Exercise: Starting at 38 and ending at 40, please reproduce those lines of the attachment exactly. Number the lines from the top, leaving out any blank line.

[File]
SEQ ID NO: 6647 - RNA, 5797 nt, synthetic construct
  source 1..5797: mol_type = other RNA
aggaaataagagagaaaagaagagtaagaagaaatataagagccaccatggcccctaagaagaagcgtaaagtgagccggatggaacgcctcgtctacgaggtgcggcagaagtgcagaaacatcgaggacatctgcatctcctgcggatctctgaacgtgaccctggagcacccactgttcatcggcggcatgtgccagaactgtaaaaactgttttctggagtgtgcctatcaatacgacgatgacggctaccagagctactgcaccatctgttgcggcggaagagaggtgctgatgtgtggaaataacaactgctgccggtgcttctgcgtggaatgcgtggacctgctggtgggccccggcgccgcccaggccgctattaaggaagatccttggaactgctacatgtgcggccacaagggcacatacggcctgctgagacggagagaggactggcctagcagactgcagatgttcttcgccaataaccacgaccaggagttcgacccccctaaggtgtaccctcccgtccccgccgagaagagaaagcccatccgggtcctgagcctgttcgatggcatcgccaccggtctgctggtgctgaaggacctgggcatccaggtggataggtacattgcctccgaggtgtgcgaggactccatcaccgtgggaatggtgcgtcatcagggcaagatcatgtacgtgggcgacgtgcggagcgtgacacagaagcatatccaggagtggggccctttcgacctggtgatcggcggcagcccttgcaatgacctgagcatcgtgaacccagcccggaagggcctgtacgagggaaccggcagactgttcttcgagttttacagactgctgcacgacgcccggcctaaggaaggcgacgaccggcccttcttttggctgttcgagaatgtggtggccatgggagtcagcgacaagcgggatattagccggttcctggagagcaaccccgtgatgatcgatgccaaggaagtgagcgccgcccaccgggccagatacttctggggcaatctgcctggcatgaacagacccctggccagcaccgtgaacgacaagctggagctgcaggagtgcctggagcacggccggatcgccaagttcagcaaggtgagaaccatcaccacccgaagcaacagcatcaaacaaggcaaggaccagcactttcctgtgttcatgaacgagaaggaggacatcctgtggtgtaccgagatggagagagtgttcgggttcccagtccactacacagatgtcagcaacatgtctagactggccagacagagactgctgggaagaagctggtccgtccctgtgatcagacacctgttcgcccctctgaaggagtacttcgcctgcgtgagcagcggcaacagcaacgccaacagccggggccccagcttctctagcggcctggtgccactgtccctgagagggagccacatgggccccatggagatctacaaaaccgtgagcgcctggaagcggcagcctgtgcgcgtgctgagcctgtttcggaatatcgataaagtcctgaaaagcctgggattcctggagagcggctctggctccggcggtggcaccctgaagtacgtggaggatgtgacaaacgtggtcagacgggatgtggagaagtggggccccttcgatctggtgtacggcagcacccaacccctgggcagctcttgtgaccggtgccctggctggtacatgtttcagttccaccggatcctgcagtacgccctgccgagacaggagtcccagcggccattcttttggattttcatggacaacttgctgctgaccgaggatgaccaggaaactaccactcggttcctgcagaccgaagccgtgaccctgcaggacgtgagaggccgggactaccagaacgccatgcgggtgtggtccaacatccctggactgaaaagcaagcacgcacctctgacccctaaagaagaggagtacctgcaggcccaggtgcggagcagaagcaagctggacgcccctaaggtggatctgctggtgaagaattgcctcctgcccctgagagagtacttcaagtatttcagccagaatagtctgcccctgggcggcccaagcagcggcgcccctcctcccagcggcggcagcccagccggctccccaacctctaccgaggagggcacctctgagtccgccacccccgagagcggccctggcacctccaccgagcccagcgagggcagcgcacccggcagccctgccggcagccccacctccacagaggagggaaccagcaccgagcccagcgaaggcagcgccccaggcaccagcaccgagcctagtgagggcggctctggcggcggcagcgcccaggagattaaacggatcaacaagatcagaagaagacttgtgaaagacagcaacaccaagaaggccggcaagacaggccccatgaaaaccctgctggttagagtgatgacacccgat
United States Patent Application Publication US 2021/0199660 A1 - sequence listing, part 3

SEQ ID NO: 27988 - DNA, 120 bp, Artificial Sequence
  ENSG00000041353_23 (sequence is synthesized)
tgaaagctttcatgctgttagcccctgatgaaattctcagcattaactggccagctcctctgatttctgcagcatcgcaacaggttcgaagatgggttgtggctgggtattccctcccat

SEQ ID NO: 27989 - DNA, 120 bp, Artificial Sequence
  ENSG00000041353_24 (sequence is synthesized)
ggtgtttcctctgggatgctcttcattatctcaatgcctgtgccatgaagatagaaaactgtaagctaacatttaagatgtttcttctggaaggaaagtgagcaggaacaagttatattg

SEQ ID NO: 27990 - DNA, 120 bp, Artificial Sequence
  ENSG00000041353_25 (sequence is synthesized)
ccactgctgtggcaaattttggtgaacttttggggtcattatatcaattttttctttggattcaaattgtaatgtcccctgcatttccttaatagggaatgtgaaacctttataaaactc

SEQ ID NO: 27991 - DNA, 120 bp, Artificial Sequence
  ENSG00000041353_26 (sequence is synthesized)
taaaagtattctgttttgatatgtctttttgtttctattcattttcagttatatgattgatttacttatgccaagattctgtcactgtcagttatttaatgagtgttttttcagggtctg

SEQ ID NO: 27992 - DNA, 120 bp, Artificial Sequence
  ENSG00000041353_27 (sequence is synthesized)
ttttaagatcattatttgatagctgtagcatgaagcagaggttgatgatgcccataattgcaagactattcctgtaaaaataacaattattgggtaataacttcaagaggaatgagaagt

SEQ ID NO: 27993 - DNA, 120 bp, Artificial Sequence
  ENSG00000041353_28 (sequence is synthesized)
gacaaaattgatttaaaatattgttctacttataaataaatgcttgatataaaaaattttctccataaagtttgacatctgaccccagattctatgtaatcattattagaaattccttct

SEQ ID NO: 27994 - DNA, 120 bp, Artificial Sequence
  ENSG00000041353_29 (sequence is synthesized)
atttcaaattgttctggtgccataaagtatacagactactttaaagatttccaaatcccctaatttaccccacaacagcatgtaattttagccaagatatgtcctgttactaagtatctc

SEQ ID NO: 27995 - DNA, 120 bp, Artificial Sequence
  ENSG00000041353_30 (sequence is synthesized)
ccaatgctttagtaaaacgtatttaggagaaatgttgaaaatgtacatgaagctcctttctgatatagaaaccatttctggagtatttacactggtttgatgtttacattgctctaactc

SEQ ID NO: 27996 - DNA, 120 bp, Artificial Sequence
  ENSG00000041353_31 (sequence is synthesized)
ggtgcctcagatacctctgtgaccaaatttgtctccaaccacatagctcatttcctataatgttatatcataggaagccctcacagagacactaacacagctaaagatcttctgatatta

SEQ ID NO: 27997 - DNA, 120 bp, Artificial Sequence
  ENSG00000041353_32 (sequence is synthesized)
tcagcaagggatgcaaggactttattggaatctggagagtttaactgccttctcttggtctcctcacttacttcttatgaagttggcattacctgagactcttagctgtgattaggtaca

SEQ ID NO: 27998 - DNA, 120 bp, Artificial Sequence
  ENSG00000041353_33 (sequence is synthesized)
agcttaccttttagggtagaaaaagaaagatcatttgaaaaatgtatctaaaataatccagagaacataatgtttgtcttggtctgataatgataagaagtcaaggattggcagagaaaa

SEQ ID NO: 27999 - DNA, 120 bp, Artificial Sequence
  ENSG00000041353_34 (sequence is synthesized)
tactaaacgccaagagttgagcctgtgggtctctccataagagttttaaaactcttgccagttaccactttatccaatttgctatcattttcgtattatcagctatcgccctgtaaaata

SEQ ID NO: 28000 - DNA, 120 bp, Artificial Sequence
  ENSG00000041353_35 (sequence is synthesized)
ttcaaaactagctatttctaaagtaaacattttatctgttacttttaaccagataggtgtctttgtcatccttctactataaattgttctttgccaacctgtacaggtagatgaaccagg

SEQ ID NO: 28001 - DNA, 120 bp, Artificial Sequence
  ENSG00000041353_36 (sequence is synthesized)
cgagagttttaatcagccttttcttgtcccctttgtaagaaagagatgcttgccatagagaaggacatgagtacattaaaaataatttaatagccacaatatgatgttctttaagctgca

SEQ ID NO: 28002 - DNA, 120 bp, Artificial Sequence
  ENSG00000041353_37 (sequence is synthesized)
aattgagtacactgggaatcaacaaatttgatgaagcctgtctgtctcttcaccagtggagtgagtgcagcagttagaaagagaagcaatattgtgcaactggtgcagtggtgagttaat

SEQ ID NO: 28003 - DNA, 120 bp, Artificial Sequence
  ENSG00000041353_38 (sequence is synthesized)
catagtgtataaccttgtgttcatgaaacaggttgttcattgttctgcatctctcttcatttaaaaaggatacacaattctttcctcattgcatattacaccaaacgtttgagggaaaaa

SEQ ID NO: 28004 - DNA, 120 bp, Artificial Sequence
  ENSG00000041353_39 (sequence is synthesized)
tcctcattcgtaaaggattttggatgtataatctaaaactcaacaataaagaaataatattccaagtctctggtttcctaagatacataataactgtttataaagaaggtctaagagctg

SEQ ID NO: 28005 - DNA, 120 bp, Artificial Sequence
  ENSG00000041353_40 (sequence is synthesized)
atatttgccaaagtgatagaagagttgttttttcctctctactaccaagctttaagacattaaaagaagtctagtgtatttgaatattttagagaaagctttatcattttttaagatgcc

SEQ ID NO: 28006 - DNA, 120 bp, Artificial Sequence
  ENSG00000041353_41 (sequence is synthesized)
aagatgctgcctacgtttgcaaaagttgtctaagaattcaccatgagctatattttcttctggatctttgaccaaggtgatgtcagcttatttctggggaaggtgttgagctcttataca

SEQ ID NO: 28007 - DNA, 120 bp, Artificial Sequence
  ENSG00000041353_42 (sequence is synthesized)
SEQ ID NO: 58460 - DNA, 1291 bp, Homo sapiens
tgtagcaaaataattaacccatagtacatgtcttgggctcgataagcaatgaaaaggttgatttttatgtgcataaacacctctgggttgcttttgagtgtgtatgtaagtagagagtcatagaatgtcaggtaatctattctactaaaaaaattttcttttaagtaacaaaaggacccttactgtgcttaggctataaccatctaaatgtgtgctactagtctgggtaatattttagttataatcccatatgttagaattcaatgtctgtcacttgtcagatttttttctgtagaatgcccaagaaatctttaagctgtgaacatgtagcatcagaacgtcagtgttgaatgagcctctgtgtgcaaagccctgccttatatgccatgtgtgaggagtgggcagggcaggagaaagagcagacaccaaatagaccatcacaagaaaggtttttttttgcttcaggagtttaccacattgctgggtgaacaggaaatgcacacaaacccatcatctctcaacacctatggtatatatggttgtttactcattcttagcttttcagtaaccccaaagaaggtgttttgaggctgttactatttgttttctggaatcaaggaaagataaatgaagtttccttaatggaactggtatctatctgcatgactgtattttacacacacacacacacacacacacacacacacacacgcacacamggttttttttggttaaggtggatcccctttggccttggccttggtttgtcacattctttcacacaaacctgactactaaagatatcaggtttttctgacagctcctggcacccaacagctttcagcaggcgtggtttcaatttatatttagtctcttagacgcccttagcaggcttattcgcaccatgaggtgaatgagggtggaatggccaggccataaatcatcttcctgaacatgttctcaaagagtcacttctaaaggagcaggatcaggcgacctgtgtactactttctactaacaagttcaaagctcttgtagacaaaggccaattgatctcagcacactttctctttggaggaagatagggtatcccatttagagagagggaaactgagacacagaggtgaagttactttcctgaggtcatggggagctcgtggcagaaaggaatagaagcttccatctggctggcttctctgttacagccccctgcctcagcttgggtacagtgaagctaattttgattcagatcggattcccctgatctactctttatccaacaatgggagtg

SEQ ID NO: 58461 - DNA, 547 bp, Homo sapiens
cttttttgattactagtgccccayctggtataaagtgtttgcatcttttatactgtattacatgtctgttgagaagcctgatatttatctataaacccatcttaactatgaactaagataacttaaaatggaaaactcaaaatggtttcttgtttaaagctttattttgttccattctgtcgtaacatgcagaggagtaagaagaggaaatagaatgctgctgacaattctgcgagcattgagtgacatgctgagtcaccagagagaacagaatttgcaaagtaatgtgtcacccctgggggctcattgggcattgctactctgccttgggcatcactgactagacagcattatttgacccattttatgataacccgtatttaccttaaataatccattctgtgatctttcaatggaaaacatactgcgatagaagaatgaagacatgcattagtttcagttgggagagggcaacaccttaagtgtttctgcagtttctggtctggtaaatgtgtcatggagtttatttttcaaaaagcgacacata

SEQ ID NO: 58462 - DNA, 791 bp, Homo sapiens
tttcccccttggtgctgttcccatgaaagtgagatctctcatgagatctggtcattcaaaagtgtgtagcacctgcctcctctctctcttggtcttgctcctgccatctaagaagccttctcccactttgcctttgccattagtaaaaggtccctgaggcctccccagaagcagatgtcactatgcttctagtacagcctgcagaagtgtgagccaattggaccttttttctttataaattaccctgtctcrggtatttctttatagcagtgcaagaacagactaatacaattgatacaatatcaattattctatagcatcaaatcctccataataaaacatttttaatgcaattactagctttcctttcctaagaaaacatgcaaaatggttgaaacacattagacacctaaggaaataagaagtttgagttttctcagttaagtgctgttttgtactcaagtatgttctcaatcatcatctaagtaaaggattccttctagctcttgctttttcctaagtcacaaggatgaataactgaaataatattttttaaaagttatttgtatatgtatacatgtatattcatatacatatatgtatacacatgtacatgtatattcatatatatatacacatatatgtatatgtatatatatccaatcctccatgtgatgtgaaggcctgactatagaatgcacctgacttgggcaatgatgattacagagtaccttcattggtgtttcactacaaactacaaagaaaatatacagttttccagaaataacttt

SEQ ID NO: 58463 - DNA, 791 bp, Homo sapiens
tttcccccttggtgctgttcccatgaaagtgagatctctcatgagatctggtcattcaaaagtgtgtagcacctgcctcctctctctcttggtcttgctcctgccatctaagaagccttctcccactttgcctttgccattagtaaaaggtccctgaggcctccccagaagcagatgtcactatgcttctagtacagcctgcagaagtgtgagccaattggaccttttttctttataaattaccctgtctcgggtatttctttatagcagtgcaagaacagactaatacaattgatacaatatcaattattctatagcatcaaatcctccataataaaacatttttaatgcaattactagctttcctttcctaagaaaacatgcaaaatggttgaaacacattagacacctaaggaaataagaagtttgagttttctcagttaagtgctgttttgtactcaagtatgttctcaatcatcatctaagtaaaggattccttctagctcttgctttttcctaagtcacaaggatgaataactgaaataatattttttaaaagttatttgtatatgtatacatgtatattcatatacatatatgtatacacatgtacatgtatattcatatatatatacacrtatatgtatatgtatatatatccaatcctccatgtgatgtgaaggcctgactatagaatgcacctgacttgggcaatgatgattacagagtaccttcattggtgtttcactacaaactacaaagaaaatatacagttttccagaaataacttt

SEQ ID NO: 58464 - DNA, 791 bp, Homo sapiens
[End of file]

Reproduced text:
SEQ ID NO: 27999 - DNA, 120 bp, Artificial Sequence
  ENSG00000041353_34 (sequence is synthesized)
tactaaacgccaagagttgagcctgtgggtctctccataagagttttaaaactcttgccagttaccactttatccaatttgctatcattttcgtattatcagctatcgccctgtaaaata